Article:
In 2021, Business in Focus reported on the economic opportunities that abound in the Dickinson area, a micropolitan region in Michigan’s Upper Peninsula. This month, we sat down with community leaders within the Dickinson Area Economic Development Alliance (DAEDA) to learn about the region’s thriving tourism industry.
Covering 777 square miles and home to 27,000 residents, Dickinson County boasts a remarkable range of popular attractions. “We have numerous things that offer a wide variety for a lot of people,” says Program Director for Downtown Iron Mountain, Mindy Meyers.
One of the area’s greatest attractions is its outdoor recreation in a stunning natural setting. “What makes us special is the accessibility to everything outdoors,” states Norway City Manager, Dan Stoltman.
Perfectly exemplifying this emphasis on outdoor recreation is the Dickinson Trail Network, formerly the Dickinson County Bike Path. A non-profit group run by dedicated volunteers makes it its mission to develop, maintain, and promote a network of non-motorized trails and routes throughout Dickinson County and the surrounding areas, with the goal of providing “an excellent source of outdoor recreation that is easily accessible to local residents and combines exciting terrain with our area’s incredible natural beauty.” The Trail Network also strives to attract tourists and mountain biking enthusiasts to Dickinson County and increase foot traffic and commerce to all businesses in this area.
The region perhaps is best known for its winter sports—with good reason—but is also a haven for warm weather activities. “There’s so much to do in all four seasons,” Meyers says.
Tourists and locals alike enjoy the area’s hunting, whitewater rafting, miles of bike and hiking trails, waterfall tours, snowmobiling, cross-country skiing, downhill skiing, and the largest ski jump in North America, which hosts the FIS Continental Cup ski jumping tournament each year. “We have ski jumpers from all over the world that come and compete,” says Mountain Media House Co-Founder, Elsa Pontbriand. “We see upwards of 10,000 people that come out and watch.”
In 2020, a $2.1 million investment was made to the ski jump. This project replaced the wooden in-run and scaffolding with new steel scaffolding and a new TopSpeed fiberglass in-run. In total, $3.4 million has been put into up fitting the jump so the Kiwanis Ski Club can continue hosting the International Ski Federation (FIS) Continental Cup competitions. There are hopes that, with the recent upgrades, the ski jump might even be a contender for a future World Cup competition.
Pine Mountain ski resort is conveniently located adjacent to the ski jump. “The resort has also seen major investments made over the past couple of years,” Pontbriand explains. “It draws people from all over the world here for downhill skiing.”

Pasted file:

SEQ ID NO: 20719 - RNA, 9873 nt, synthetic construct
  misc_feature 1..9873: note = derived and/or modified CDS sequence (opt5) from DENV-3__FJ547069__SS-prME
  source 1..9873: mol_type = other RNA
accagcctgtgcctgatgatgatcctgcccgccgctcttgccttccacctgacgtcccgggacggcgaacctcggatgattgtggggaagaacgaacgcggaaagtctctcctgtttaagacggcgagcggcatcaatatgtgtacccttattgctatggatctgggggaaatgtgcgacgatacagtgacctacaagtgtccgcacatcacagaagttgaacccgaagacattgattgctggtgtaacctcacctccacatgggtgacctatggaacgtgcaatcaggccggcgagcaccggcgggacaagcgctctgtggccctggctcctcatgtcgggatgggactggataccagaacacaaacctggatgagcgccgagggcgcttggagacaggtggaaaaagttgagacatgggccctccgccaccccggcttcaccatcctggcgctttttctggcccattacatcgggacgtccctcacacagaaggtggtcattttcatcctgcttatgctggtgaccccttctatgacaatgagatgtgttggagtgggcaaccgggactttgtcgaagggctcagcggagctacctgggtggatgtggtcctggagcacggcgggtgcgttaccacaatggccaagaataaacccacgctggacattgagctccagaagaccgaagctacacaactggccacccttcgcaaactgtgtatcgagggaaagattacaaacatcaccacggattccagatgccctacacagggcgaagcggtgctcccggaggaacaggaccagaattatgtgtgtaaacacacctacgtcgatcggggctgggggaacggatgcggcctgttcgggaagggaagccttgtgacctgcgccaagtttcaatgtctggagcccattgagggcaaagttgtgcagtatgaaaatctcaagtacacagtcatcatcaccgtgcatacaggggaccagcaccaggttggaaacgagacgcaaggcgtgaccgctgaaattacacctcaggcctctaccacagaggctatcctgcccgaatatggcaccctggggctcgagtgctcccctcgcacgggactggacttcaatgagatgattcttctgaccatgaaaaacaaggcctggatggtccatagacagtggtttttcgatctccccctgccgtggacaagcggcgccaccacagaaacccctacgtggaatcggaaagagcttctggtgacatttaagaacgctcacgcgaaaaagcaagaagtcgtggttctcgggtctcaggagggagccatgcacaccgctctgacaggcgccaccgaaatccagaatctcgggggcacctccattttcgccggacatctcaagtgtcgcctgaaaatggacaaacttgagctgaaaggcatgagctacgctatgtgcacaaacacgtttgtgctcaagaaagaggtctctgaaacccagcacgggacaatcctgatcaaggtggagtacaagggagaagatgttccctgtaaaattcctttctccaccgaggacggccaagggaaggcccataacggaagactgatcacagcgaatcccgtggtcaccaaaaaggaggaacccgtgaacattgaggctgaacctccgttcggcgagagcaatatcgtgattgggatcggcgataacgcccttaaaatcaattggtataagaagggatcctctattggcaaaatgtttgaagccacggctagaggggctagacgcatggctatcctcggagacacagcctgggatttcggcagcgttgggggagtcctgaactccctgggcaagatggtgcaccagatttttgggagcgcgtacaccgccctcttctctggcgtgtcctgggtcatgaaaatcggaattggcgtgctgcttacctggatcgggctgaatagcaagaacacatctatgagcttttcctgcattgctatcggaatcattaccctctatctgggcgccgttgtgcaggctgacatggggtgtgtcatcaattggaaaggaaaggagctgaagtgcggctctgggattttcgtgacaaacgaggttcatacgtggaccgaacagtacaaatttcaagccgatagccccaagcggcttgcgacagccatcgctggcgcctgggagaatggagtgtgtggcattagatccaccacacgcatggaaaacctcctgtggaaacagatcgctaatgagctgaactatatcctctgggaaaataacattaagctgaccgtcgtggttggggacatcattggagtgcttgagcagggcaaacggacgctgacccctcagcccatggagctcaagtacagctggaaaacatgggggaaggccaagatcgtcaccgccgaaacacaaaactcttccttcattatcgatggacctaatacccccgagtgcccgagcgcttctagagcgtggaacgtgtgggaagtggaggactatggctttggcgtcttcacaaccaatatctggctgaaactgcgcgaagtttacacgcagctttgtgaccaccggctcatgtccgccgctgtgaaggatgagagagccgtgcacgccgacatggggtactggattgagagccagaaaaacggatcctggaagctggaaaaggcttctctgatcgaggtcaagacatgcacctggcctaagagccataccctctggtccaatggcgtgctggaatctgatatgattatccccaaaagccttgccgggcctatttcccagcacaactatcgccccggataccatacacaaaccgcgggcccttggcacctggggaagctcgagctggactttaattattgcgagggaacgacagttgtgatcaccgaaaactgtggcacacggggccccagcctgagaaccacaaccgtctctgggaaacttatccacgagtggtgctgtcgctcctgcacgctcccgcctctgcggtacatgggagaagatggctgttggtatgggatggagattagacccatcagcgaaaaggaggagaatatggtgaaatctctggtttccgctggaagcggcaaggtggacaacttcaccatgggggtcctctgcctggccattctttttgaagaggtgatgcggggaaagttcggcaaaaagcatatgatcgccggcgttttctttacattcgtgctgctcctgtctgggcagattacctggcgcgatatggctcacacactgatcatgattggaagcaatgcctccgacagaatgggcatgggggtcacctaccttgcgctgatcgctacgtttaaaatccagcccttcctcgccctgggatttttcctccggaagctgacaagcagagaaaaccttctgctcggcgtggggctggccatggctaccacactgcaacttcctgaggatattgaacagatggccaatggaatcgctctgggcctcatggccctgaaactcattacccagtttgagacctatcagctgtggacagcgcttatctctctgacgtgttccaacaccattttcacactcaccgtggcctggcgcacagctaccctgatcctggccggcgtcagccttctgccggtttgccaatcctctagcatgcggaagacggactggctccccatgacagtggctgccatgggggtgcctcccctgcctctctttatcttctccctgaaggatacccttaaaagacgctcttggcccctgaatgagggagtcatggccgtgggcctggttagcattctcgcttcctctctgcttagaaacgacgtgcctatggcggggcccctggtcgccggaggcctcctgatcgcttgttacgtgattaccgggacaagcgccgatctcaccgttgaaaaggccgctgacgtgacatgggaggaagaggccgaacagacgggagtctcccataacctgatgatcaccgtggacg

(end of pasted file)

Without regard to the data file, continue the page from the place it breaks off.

Public parks abound throughout the Dickinson area, many with state-of-the-art facilities, including ballparks that pull in big tournaments and championships. The City of Norway’s Marion Park claims three baseball fields, two soccer fields, one multipurpose field, four lit tennis courts, and horseshoe courts. Norway’s Strawberry Lake Park includes a walking trail, a canoe and kayak launch, accessible fishing piers, a ball field, BMX track, and plenty of parking. During the winter, the park opens an ice-skating rink and warming house and the walking trail is repurposed for cross-country skiing.
The Dickinson area has six golf courses including the multiple-award-winning Timberstone Golf Course, Bomber’s Golf Course’s U.S.G.A. 9-hole course set alongside rolling hills and the Menominee River, and Pine Grove Country Club’s eighteen-hole course, which is set amongst stunning natural scenery with virgin stands of pines, oaks, and maples. The city of Norway has Oak Crest golf course, an eighteen-hole course, and a restaurant.
Looking for a more science-minded activity that showcases the area’s commitment to ecologically-friendly power generation? The local hydroelectric facility, which produces 95 percent of the City of Norway’s power, offers a tour that encapsulates the spirit of the area. “The outdoors and our eco-friendly generation of power is kind of what makes Norway Norway,” Stoltman says.
Norway Spring is a well-known and unique local attraction. This bubbling fountain of pure, fresh water flows from deep within the earth to refresh visitors on a hot day. During the summer months the natural spring, conveniently located just off US 2, sees a steady stream of people armed with water bottles and jugs, eager to enjoy the cool, artesian spring water. The well was formed in 1903 when the Oliver Mining Company drilled a 1,094-foot shaft into the earth in search of iron ore. Since then, the site has been covered with carefully arranged rocks to create a lovely waterfall effect where the water bubbles to the surface.